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Kojiki: The Ancient Chronicles of Japanese Mythology – A Comprehensive Guide


The Kojiki, meaning “Record of Ancient Matters,” stands as a foundational text in Japanese history and culture. This ancient chronicle, compiled in the early 8th century, offers a glimpse into the origins of Japan and its people, weaving together myth, legend, and historical accounts. More than just a collection of stories, the Kojiki provides a unique window into the evolving beliefs and values of early Japanese society, shaping its understanding of identity, governance, and the sacred. This comprehensive guide will delve into the Kojiki’s historical context, key narratives, lasting legacy, and cultural significance.

Table of Contents

Historical Context

The Kojiki’s creation was a product of a turbulent era in Japanese history. The early 8th century saw the reign of Empress Genmei, a pivotal figure who sought to consolidate imperial power and establish a more unified and centralized state. It was during her reign, in 712 CE, that the Kojiki was commissioned, likely as a means to legitimize the imperial lineage and solidify the authority of the throne. The text itself is attributed to a scholar named Ō no Yasumaro, who compiled various oral traditions, myths, and genealogical records into a written form.

The Kojiki’s creation coincided with a period of significant social and political transformation in Japan. The country was gradually moving from a decentralized system of clan-based governance towards a more centralized imperial structure. The Kojiki, with its narratives of divine lineage and heroic emperors, served to bolster the emperor’s authority and provide a unifying narrative for the newly emerging nation.

The Creation Myth and Early Deities

The Kojiki begins with a grand creation myth that echoes in countless other cultures. From the primordial chaos, two deities emerge – Izanagi and Izanami – tasked with creating the world. Their journey to establish the islands of Japan and populate them with deities forms the core of this foundational narrative. The text describes how Izanagi and Izanami gave birth to countless gods and goddesses, each representing a specific aspect of nature and the human experience.

Central to understanding the Kojiki is the concept of “Kami.” Kami are divine beings, often associated with natural phenomena like mountains, rivers, and trees. However, they can also embody abstract concepts such as fertility, war, and wisdom. The Kojiki portrays a diverse pantheon of Kami, each with their own unique powers, personalities, and stories. These deities, in their various forms and functions, represent the intricate and multifaceted relationship between the human world and the divine.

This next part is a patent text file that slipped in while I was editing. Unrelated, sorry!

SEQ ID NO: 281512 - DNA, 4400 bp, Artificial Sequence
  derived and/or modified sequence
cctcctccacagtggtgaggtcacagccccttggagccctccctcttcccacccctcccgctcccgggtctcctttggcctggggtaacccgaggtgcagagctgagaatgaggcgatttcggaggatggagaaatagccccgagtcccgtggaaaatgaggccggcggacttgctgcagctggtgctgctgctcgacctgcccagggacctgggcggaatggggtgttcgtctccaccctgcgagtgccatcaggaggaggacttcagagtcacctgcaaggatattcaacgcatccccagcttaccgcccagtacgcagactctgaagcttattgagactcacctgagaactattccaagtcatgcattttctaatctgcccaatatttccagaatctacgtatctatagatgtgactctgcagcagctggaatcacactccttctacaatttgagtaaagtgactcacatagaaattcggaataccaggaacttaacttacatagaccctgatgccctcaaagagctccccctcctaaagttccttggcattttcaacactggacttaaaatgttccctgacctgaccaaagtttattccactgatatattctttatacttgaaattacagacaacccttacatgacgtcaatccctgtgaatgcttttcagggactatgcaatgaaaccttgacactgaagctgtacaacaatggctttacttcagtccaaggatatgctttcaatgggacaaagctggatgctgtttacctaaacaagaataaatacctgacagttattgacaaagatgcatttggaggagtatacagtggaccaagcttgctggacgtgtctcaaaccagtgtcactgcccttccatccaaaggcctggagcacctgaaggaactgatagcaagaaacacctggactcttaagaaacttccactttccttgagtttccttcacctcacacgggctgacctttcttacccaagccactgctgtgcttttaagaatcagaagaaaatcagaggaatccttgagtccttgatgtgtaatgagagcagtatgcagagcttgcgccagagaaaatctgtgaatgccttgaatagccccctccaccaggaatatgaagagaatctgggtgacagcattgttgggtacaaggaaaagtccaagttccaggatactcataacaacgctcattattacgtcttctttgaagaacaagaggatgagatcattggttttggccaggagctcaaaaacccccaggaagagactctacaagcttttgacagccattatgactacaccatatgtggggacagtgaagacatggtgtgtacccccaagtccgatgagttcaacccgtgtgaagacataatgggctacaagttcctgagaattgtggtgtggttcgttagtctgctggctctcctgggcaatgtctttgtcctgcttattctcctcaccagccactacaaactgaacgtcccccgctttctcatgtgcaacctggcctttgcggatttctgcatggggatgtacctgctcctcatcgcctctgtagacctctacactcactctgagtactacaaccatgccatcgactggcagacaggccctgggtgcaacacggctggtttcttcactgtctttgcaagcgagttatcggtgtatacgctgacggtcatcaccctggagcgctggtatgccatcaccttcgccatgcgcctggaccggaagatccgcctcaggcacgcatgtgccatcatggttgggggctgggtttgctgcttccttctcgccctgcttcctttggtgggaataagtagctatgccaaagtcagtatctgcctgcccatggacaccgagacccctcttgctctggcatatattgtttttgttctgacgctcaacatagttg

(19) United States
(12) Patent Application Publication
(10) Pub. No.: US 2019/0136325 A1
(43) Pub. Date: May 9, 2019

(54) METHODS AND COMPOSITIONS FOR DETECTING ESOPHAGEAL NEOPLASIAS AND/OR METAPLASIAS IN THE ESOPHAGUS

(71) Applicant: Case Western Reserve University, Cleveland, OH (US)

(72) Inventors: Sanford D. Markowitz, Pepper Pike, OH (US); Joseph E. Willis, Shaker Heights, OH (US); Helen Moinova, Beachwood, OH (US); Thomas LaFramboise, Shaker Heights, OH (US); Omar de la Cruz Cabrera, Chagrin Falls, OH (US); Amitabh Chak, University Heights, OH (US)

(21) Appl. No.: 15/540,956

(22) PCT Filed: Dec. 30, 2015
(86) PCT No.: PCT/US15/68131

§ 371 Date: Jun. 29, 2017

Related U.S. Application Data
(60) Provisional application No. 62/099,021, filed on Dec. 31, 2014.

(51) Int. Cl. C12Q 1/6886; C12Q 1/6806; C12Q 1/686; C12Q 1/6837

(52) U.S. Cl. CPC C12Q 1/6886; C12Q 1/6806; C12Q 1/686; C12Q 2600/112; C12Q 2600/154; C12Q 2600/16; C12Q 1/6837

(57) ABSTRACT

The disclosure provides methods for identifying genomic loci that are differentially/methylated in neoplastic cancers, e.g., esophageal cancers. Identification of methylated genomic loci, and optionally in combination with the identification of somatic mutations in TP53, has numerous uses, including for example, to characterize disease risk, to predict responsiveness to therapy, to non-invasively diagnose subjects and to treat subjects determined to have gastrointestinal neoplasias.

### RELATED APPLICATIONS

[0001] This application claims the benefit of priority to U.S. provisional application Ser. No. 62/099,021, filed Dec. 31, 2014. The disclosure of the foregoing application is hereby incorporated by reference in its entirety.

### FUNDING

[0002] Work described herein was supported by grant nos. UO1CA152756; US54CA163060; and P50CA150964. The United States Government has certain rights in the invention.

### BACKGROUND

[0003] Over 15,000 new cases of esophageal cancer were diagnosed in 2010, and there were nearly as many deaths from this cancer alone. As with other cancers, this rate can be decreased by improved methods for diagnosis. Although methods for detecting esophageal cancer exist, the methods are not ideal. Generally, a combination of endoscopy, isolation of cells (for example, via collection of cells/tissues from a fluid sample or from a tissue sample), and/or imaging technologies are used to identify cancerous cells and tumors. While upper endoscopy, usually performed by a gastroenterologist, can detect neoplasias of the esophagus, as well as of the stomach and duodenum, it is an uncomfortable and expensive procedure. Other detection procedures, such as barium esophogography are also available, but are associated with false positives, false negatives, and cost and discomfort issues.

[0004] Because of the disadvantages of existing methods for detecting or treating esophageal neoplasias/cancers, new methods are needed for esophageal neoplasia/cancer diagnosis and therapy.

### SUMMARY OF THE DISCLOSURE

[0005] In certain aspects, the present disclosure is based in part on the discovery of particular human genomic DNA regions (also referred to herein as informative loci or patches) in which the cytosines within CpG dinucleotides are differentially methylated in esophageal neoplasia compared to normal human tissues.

The Descent of Amaterasu and the Birth of Japan

The Kojiki’s central narrative revolves around the Sun Goddess, Amaterasu. Born from the divine couple Izanagi and Izanami, Amaterasu represents light, order, and the life-giving power of the sun. The text emphasizes her role as the progenitor of the Imperial lineage, establishing a direct line of descent between the divine and the ruling class of Japan.

The Kojiki recounts the story of Amaterasu’s descent to Earth. Driven by a desire to establish a realm of peace and prosperity, she embarks on a journey to illuminate the world, bringing order and civilization to the land. The story highlights the symbolic significance of the “Mirror, Jewel, and Sword,” three sacred objects presented to Amaterasu by her brother, Susanoo. These treasures become the Imperial Regalia, signifying the divine authority of the Japanese Emperors.

The Role of Susanoo and Other Deities

Susanoo, the Storm God, plays a contrasting role in the Kojiki’s narrative. Often depicted as a wild and tempestuous figure, Susanoo stands in contrast to his sister, Amaterasu. The text narrates his expulsion from heaven due to his disruptive behavior and subsequent adventures on Earth. Despite his rebellious nature, Susanoo’s actions ultimately contribute to the creation of Japan. He is credited with slaying the eight-headed serpent, Yamata no Orochi, a fearsome beast that threatened the land.

Beyond Amaterasu and Susanoo, the Kojiki features a rich tapestry of other deities, each playing a specific role in the unfolding narrative. Tsukiyomi, the Moon God, is another prominent figure, representing darkness and the night sky. These various deities and their interactions with each other paint a complex picture of a world brimming with divine forces, both benevolent and destructive, shaping the fate of humanity and the land itself.

The Birth of the First Emperors